It was close to the halfway point of Love After Love that pressed “stop” on my DVD player and went back to the beginning. I also did something I don’t usually do when reviewing a film—I read the production notes, the background information provided by a film’s distributor for reviewers.
I don’t like to do that because I prefer to experience a movie as much as possible on its own terms, with no preconceptions or knowledge about what’s going to happen. But in this case it was necessary, as I’d gotten halfway through the movie with too many questions about what was going on to be able to continue.
The synopsis is pretty simple. After a middle-aged man dies unexpectedly, his two sons and widow have difficulty dealing with their grief. Suzanne (Andie MacDowell) tries to throw herself into her work, and begins a new relationship with a man who has lost his wife. Oldest son Nicholas (Chris O’Dowd) has trouble maintaining his own relationships, and is unable to cope with his mother’s attempts to move on. Younger son Chris (James Adomian) drinks a lot. (Well, to be fair they all do.)
Writer/director Russ Harbaugh based this on his own experiences after the death of his father. Love After Love expands on ideas used in Rolling on the Floor Laughing, his 2012 MFA thesis short for Columbia University’s film program.
Which is to say, an academic working out his personal issues in a movie. That’s worrying, but not necessarily fatal. The problem, for me at least, is that Harbaugh got it in his head that the best way to approach this material was by indirection, to show (but not openly address) the emotions at play underneath seemingly banal situations.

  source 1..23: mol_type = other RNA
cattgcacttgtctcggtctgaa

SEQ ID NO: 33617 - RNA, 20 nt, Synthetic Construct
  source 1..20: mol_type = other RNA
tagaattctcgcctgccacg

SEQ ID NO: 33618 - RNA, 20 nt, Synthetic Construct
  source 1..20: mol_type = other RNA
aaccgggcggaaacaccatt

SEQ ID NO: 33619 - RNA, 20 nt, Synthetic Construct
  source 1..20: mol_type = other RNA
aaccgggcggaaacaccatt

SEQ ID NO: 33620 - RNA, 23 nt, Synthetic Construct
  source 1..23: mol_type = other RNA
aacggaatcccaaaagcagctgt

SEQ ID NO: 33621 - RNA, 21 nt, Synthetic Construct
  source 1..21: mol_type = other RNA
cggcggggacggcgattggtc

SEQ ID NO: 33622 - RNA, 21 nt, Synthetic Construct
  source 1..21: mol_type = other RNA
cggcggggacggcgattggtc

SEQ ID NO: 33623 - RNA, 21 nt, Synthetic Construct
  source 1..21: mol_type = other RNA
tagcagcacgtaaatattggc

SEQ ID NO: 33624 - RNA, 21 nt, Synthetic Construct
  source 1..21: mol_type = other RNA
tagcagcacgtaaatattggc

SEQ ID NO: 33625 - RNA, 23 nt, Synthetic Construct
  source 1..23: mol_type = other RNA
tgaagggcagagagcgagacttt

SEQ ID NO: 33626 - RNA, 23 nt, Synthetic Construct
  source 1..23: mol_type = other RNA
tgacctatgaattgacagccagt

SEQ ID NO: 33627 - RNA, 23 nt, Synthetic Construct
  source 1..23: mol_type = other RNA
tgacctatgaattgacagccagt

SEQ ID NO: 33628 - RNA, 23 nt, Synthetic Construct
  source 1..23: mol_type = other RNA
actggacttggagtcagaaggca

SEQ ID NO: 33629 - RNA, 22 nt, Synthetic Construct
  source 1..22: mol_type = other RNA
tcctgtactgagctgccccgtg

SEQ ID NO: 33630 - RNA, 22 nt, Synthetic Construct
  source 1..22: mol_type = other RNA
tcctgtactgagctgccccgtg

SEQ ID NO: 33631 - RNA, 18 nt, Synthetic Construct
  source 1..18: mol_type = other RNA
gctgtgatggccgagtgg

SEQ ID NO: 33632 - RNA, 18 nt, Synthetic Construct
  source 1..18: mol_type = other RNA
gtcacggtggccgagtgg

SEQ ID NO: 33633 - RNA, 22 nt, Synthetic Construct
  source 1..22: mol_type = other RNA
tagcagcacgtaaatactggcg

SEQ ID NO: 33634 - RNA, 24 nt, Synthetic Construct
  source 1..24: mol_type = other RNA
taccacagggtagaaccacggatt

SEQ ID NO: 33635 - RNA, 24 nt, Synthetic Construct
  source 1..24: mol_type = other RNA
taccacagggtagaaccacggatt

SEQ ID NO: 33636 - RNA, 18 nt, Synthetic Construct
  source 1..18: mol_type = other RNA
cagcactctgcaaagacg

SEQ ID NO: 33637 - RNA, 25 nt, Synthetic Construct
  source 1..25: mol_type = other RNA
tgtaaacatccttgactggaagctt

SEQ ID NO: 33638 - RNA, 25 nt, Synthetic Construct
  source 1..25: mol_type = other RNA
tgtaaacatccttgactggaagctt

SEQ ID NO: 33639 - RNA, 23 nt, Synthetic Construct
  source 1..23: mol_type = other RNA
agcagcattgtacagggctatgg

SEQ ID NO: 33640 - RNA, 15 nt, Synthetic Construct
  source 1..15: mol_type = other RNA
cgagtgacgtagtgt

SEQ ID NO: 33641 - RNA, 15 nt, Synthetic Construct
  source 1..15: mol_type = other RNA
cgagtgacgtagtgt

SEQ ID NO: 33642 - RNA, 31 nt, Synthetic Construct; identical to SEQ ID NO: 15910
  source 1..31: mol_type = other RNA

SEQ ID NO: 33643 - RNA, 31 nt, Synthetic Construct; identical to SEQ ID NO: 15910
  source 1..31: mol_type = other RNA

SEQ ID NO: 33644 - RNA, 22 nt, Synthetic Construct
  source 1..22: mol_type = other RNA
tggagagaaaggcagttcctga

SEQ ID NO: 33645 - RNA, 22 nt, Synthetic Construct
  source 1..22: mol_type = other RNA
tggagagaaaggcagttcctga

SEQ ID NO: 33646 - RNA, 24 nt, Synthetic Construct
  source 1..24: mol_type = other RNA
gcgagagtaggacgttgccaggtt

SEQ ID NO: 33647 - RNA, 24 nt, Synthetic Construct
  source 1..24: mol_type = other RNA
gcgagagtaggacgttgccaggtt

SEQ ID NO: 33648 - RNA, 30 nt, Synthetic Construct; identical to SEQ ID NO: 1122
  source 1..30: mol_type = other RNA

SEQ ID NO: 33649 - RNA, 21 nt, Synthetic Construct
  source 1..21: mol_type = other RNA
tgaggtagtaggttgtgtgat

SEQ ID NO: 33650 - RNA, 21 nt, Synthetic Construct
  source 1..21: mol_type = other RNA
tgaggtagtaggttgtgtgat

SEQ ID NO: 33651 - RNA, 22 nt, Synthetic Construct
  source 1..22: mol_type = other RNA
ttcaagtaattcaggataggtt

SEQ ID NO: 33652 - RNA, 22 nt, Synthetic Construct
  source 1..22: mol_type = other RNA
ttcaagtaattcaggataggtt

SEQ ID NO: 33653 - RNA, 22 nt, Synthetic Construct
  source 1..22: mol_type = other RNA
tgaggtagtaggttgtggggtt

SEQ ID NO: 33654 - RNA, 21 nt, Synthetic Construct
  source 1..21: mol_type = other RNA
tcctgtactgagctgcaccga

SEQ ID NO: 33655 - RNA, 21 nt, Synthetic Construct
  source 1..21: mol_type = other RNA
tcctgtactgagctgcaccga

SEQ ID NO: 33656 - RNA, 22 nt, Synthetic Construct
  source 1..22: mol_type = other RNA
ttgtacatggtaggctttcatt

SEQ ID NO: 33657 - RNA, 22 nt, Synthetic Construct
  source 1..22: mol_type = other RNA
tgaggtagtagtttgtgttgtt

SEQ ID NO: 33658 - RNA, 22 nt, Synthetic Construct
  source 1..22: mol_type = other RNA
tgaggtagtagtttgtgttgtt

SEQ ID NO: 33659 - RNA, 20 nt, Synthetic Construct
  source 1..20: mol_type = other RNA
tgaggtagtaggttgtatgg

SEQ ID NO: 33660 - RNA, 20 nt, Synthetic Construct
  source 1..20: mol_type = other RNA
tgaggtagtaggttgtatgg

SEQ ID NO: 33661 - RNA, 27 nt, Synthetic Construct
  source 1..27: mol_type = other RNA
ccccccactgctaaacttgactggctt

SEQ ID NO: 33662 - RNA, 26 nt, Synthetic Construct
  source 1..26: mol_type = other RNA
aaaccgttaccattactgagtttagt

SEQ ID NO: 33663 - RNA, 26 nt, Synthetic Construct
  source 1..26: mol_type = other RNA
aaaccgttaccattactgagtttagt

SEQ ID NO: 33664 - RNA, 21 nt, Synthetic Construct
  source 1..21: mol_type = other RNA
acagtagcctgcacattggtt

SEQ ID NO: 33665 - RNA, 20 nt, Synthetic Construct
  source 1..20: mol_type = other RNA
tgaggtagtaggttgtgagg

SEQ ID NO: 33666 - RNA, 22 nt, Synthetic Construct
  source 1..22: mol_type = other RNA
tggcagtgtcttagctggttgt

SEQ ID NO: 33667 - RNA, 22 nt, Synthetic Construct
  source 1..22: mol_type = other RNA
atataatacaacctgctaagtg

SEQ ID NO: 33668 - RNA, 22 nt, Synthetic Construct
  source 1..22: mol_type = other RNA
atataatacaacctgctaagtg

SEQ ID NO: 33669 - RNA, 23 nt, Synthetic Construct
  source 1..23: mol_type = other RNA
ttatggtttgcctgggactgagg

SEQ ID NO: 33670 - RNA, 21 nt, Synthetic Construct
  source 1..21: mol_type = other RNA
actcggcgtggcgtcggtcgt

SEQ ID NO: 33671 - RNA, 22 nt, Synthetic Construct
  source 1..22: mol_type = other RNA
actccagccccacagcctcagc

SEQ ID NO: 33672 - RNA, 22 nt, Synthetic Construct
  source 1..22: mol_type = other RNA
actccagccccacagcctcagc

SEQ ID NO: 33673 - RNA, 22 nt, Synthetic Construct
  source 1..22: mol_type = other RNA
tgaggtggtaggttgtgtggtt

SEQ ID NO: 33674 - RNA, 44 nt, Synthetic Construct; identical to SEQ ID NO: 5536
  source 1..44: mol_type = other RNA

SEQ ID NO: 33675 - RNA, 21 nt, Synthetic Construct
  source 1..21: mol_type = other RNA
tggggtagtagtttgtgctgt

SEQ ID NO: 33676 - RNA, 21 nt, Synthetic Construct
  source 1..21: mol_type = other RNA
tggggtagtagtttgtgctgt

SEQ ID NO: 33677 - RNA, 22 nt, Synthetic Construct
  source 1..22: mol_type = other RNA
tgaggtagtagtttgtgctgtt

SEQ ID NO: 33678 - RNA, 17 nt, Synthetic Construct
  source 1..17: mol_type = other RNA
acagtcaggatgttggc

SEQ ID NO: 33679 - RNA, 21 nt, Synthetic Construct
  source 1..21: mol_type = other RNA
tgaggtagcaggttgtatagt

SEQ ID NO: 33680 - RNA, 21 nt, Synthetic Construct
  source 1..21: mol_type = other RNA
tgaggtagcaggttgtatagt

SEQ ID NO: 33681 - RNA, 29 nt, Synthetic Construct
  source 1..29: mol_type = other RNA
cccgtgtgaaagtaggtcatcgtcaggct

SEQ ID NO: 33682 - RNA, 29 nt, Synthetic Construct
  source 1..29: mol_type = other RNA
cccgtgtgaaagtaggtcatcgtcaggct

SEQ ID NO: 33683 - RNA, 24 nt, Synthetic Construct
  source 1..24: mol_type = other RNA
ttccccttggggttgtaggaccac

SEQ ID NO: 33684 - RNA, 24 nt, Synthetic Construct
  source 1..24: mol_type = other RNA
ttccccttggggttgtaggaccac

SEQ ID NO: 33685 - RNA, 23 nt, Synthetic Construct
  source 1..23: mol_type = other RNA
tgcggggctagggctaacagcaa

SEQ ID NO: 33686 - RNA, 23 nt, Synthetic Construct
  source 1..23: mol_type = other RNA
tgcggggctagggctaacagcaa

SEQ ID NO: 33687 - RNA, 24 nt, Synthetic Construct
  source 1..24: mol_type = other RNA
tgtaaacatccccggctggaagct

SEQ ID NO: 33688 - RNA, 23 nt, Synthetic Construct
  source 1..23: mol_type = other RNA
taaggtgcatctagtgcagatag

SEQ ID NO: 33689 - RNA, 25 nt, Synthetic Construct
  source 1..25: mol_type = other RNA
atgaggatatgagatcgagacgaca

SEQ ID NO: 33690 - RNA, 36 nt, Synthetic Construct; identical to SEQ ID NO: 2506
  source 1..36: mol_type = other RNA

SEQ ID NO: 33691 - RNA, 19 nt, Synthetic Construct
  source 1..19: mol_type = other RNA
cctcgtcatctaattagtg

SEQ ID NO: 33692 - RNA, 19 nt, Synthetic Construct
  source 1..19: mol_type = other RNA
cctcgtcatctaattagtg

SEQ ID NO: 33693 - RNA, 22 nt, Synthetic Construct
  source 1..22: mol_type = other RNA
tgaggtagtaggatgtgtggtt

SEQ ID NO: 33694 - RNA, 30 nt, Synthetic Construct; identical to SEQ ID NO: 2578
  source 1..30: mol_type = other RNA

As his co-writer Eric Mendelsohn describes the process, “The idea that we worked from was chaos and events. Rather than the way that traditional stories are told, we would create whirlwinds of events where behavior will inform the audience where they are in the story, instead of dialogue.”
Nice idea, but you still have to make sure that your audience is getting the basic information. It shouldn’t take so long to work out that Suzanne is Chris’s mother rather than his sister or friend. If you’re going to lurch forward in time, you need to make that understood (unless you’re trying to disorient the viewer.) You need to visually establish the performers who aren’t recognizable stars like MacDowell and O’Dowd so that we have a sense of them within the story: I didn’t realize that Nicholas was cheating on his girlfriend with another woman until I rewatched it.
Maybe the most damaging factor is that Harbaugh does nothing to establish that the paterfamilias, first seen in reasonably good health at a family gathering, is such an emotional touchstone to his wife and sons. Without that, it’s hard to connect to the difficulties they have in moving on. This may have been clear to Harbaugh because he’s making a film about the death of his own father, but most of us in the audience didn’t know the guy.
Full disclosure: Love After Love has a rating of 84 percent from metacritic.com and 95 percent on Rotten Tomatoes, so don’t just take my word for it. (But I’ll bet all those critics read the production notes in advance.) It opens Friday at the Eastern Hills Mall Cinema.
BRIEFLY: I Feel Pretty is the apparent result of someone advising Amy Schumer to tone down her edginess in order to win a wider audience. The result looks like something that could have been made in 1952 with Judy Holliday. Super Troopers 2, a sequel to the 2001 comedy, has no deep meaning or political agenda, and contains Canadian caricatures so broad they make Bob and Doug MacKenzie look like Laurence Olivier and Ralph Richardson. It doesn’t have too many big laughs, but I chuckled pretty consistently from beginning to end.